Atletu (The Athlete) (PG)

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Review byMatthew Turner1/07/2012

Three out of Five stars
Running time: 92 mins

With an extraordinary true story as the focus, The Athlete is insightful and inspiring, but stiff performances from its supporting cast and its slow third-act means it fails to get out of the starting blocks.

What’s it all about?
Written and directed by Davey Frankel and Rasselas Lakew, The Athlete (original title: Atletu) tells the inspiring true story of Abebe Bikila, an Ethiopian soldier who became an Olympic sports legend overnight in the 1960s. Played by Rasselas Lakew, Bikila first won gold in the marathon at the 1960s Rome Olympics, before winning again in Tokyo four years later, becoming the first person in history to win consecutive Olympic gold medals in the marathon.

Known by many as the world’s greatest long distance runner, just five years after winning his second gold, Bikila was involved in a tragic car accident, leaving him paralysed from the waist down and thus unable to compete in future marathons. The Athlete - which was actually made in 2009 - takes a closer look at Bikila’s inspiring quest for life after his career came to a tragic end, examining his later ventures into archery for the Paralympics and handicapped dog sledding in Norway.

The Good
With an extraordinary and remarkable story at the hub, it would take a heart of stone not to find The Athlete moving and inspirational and Bikila’s drive, determination and ambition are hard to fault. There are plenty of revelatory moments of interest for audiences previously unaware of Bikila’s story, particularly his insistence that he ran barefoot in competitions because the shoes he was given to wear in Rome hurt his feet. The well edited blend of feature narrative and archival footage also works nicely, switching from Ethiopian landscapes to Rome’s sun-drenched streets and giving an insightful glimpse into Bikila’s character and his various international achievements.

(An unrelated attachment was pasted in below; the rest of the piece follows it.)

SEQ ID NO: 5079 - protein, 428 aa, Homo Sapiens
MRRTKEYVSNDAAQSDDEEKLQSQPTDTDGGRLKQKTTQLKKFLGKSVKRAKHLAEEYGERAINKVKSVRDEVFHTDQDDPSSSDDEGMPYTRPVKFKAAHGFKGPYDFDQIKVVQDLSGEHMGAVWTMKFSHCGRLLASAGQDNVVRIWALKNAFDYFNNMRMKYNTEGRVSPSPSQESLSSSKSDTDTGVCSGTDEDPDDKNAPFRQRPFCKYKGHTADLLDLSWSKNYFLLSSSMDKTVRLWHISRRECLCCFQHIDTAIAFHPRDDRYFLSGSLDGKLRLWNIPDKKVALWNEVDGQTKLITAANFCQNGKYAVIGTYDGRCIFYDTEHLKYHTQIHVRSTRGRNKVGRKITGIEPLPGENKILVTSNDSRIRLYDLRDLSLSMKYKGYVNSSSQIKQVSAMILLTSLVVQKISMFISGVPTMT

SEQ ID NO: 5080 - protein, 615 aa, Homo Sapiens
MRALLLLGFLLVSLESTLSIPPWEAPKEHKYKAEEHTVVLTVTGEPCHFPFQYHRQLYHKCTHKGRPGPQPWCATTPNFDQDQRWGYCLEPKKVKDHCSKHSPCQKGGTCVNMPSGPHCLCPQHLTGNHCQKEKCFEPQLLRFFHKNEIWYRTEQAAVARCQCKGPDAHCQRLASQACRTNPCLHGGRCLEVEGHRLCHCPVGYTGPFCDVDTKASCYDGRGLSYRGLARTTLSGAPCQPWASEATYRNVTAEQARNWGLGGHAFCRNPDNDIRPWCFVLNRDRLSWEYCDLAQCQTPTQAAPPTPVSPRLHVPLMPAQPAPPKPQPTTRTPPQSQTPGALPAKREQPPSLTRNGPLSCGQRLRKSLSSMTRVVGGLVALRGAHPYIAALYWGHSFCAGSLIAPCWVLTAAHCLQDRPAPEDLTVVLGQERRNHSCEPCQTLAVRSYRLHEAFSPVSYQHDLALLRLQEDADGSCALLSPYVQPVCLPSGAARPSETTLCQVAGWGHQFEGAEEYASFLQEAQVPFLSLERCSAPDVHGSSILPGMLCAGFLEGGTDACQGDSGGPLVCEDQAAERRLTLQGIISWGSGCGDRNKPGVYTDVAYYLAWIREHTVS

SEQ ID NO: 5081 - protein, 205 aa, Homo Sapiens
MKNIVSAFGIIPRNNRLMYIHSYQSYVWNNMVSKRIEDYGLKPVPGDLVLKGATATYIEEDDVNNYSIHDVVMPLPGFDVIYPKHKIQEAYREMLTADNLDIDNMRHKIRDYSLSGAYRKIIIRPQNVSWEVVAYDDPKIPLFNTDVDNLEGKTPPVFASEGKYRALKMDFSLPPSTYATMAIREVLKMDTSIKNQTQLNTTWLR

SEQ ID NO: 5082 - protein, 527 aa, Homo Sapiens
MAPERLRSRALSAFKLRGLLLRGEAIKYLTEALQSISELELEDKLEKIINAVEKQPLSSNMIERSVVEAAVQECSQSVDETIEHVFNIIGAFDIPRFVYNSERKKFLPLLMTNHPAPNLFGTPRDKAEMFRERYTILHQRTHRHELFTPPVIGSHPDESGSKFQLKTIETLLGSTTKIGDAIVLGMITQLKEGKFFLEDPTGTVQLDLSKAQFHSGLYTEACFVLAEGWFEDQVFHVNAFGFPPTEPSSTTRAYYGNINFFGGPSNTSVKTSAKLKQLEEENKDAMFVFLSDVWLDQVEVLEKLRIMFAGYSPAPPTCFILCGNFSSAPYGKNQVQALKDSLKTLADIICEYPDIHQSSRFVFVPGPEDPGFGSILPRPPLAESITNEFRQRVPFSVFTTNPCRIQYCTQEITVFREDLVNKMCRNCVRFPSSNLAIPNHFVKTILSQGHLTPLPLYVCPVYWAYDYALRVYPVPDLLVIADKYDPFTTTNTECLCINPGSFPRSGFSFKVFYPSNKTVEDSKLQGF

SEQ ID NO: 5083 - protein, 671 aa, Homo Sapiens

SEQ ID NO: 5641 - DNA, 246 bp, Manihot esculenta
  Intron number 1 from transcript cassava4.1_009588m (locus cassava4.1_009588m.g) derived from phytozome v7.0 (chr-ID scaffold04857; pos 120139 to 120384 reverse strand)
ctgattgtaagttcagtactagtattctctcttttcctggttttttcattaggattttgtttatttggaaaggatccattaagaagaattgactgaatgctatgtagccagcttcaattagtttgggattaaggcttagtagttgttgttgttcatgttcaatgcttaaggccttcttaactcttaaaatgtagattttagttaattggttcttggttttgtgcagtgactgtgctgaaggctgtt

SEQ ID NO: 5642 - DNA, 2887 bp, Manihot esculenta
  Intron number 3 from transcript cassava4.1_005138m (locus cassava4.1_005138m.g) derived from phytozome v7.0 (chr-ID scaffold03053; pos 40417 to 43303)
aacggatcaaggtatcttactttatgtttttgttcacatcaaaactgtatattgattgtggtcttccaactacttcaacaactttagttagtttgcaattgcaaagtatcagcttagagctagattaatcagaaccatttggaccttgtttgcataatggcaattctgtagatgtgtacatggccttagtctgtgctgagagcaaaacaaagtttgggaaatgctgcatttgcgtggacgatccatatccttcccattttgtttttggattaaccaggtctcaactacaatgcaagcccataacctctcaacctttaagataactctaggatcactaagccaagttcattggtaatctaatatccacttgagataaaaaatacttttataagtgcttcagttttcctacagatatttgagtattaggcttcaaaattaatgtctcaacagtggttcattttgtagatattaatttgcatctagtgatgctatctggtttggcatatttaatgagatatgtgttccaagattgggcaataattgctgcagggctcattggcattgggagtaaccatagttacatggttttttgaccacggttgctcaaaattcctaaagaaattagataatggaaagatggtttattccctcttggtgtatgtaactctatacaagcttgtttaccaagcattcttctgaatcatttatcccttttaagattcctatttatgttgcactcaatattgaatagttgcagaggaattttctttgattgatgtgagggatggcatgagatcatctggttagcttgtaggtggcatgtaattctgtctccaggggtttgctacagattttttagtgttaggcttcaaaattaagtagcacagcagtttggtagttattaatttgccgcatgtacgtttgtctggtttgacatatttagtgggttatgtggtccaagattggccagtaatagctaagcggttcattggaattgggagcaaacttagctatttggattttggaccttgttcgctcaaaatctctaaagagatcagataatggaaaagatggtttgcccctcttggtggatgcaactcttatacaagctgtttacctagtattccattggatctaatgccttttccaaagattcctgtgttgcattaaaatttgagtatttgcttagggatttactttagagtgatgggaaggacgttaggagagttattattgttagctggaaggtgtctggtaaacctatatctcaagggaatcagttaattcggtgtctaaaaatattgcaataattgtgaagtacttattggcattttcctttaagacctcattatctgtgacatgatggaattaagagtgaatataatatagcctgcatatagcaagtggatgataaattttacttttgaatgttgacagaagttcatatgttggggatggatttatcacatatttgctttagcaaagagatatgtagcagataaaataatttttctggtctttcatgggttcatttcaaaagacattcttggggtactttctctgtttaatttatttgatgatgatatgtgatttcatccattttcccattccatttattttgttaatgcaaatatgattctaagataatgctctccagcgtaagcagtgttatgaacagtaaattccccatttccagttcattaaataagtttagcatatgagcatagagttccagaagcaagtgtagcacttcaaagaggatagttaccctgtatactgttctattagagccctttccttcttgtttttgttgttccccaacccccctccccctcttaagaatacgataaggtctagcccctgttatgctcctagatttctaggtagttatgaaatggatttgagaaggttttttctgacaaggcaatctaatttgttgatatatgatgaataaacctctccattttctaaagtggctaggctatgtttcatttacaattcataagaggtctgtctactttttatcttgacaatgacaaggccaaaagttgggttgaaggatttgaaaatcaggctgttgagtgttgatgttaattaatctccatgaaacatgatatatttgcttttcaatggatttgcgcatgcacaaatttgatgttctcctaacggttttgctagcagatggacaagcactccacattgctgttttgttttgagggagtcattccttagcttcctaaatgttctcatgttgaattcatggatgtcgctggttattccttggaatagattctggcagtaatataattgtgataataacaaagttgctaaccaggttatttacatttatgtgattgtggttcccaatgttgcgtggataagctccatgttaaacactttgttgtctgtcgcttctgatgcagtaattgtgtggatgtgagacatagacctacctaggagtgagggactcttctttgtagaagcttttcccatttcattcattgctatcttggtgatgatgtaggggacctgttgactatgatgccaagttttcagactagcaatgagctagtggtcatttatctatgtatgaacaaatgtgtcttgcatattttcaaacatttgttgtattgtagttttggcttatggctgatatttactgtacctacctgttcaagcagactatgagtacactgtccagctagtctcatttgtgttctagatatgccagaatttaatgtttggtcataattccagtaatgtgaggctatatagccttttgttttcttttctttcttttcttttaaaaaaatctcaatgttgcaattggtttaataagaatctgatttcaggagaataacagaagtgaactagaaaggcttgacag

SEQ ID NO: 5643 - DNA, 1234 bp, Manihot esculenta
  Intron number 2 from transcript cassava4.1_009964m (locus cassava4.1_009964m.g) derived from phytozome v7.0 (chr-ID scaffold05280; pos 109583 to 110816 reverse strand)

The Bad
Despite a fascinating story at its helm, there’s something a bit lifeless about this biopic, whether it’s down to the stiff performances from its supporting cast (particularly Dag Malmberg’s wooden turn as Abebe’s friend Onni) or the slow-paced third-act, it is hard to pin point, but viewers expecting an energetic and well acted documentary-style feature film will be disappointed. The dramatic car crash incident that ultimately transformed Bikila’s life also fails to deliver the sufficient impact and emphasis it deserves.

Worth seeing?
Despite its flaws, there are some profound and revelatory moments in The Athlete, thanks to Bikila’s achievements but if you’re after a dose of drama and excitement, this might be one to miss.

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Content updated: 01/03/2020 02:07

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